The EU’s dependency on crude oil imports is high and rising as domestic oil supplies have declined at a faster rate than demand. In 2018 imports accounted for 96% of the EU’s oil supply and total spending on crude oil imports in the EU was €211bn (equivalent to 1.5% of EU GDP, or €473 per capita).
The EU’s transport sector accounts for 69% of final demand for petroleum products. Road transport alone accounts for 49% of final demand for petroleum. Increased ambition is needed to ensure the end of transport’s oil reliance. This needs to happen through increased energy efficiency measures, taxation, use of direct electrification where possible and the use of renewable hydrogen and synthetic fuels in the sectors where electrification is not feasible.
Since 2009, a provision in the EU Fuel Quality Directive obliged fuel suppliers to reduce the carbon footprint of transport fuel by 6% by 2020 compared with 2010. The 6% reduction could be achieved through the use of biofuels, renewable electricity and a reduction in the flaring and venting of gases at the extraction stage of fossil fuel feedstocks (upstream emissions reductions). According to the law, oil companies were also to disclose the different types of fossil fuels they were bringing to the EU market and their different carbon footprints.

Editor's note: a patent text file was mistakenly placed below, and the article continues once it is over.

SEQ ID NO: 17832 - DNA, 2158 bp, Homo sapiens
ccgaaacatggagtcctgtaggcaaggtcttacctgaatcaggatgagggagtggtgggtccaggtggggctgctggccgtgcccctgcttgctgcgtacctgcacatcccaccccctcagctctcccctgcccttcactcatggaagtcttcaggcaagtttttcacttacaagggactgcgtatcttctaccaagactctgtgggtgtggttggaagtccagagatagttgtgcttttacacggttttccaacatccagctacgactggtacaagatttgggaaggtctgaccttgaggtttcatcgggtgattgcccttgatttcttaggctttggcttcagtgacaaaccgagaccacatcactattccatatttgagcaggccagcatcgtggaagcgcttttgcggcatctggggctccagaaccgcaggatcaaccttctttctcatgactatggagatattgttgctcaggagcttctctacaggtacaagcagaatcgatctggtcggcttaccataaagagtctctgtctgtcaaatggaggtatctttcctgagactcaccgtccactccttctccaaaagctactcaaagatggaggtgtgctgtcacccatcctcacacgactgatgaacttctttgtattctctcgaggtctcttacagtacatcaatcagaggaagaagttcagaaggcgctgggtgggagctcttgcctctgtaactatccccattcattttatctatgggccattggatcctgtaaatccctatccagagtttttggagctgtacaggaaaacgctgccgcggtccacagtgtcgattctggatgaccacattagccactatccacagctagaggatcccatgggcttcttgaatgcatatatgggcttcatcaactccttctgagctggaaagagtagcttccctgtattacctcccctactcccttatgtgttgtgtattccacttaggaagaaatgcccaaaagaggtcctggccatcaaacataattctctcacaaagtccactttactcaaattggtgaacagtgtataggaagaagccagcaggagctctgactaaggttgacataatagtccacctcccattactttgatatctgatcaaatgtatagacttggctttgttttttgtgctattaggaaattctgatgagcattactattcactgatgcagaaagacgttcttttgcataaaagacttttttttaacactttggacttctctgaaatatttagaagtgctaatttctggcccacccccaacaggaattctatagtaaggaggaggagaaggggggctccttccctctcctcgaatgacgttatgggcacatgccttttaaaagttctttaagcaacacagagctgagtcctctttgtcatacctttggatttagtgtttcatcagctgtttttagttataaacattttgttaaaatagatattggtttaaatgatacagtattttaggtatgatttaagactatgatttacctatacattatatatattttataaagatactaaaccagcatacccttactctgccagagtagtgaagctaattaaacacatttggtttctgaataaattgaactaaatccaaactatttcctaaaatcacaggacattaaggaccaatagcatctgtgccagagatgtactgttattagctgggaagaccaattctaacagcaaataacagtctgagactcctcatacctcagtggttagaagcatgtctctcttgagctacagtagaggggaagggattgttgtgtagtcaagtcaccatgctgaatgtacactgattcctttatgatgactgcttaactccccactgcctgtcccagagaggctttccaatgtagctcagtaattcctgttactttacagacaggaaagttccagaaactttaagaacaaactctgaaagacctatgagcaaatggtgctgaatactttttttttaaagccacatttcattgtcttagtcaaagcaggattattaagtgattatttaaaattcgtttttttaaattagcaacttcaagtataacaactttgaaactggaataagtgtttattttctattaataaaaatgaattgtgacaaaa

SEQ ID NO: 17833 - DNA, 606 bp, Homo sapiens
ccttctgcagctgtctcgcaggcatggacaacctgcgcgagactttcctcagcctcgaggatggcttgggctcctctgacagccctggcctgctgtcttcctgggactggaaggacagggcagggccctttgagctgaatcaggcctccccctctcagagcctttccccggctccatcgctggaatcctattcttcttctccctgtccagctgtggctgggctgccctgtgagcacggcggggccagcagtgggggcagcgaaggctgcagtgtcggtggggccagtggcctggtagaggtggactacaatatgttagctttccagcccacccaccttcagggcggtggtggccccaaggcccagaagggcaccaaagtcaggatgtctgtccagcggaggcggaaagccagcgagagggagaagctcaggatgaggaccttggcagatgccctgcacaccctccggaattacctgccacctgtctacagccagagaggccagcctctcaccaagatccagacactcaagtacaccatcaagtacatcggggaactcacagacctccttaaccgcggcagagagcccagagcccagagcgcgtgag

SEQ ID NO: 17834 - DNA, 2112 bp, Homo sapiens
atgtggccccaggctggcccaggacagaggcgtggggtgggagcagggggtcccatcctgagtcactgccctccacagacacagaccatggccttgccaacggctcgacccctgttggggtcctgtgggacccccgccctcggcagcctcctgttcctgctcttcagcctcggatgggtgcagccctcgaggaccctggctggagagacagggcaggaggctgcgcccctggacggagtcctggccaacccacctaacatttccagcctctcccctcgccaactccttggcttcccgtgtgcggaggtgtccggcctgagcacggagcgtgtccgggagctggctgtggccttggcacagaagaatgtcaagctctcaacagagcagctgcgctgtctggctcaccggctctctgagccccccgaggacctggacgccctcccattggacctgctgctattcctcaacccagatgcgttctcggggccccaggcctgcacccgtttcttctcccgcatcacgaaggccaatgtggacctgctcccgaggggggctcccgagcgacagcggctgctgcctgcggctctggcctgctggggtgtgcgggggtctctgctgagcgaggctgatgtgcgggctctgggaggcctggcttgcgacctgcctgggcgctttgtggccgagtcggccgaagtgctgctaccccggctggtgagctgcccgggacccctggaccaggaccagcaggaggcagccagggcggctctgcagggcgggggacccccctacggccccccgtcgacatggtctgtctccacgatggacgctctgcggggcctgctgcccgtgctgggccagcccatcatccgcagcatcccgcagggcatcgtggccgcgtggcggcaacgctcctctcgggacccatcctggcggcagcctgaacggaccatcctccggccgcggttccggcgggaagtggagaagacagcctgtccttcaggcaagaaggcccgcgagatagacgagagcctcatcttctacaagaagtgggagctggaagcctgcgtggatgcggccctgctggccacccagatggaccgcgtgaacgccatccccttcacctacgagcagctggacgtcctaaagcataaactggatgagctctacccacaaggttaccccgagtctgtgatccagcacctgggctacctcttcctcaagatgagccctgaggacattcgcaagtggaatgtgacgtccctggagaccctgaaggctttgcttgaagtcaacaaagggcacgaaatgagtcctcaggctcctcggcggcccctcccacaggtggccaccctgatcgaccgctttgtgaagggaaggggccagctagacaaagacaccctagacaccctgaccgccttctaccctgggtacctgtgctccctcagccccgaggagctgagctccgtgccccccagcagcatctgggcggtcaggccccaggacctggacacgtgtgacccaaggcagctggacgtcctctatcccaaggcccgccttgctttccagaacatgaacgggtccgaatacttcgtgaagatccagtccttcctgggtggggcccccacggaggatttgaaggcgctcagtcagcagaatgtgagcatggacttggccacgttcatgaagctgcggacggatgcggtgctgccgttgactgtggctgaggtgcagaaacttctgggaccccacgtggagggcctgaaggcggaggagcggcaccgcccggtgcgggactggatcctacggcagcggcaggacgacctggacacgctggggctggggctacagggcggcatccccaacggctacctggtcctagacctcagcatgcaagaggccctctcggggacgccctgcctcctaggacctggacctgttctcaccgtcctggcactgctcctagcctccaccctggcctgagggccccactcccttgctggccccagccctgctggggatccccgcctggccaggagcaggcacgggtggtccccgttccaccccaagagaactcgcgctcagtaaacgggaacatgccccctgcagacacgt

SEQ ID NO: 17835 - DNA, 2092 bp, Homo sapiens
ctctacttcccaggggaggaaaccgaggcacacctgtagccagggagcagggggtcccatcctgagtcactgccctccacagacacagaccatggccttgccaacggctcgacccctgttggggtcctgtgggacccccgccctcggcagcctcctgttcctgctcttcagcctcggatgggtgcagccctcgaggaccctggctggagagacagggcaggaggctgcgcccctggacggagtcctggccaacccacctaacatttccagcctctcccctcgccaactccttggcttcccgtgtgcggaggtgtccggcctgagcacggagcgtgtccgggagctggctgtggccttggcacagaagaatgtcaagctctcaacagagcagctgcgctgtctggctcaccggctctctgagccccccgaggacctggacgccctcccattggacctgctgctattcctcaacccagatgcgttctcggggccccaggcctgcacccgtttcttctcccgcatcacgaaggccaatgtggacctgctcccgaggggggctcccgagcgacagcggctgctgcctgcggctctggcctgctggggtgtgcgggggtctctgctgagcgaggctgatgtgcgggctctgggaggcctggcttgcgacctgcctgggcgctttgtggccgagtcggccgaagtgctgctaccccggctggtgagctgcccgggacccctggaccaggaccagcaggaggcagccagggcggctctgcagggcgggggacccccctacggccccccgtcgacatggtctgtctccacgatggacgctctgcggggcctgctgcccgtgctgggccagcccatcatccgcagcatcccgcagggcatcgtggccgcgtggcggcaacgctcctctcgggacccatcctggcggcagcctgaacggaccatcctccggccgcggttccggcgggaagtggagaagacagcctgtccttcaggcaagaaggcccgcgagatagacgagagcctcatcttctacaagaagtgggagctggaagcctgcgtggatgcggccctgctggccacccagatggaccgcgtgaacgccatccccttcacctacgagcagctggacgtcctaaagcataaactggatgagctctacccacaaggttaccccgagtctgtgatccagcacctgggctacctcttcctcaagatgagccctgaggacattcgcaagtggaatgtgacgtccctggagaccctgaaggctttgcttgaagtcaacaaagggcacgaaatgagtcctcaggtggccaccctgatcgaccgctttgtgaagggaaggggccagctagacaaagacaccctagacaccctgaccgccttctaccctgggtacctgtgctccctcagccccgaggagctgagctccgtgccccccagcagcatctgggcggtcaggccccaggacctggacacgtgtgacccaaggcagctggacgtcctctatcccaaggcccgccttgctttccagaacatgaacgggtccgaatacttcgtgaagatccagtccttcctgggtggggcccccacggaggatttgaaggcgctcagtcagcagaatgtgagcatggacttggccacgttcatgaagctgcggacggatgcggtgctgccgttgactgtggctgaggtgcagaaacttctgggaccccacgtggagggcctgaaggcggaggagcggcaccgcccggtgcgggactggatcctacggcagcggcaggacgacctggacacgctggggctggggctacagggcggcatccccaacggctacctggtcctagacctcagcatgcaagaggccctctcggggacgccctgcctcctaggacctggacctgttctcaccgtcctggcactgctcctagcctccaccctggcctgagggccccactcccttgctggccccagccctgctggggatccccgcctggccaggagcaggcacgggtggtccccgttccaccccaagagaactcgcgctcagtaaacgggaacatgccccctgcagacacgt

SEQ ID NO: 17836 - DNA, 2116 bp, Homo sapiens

The law was meant to prevent the use of the most polluting sources of oil, like tar sands and coal-to-liquid. But from the very beginning, the oil industry in Europe and in North America as well as the government of Canada have attacked the proposed measures which were finally adopted but weakened in 2014. Because of the heavy reliance on crop biofuels, the carbon intensity hasn’t decreased substantially since 2010. The EEA reports that in 2018, the average GHG intensity of transport fuels was only 2.1 % lower than in 2010, when taking into account ILUC impacts (and 3.7% without ILUC).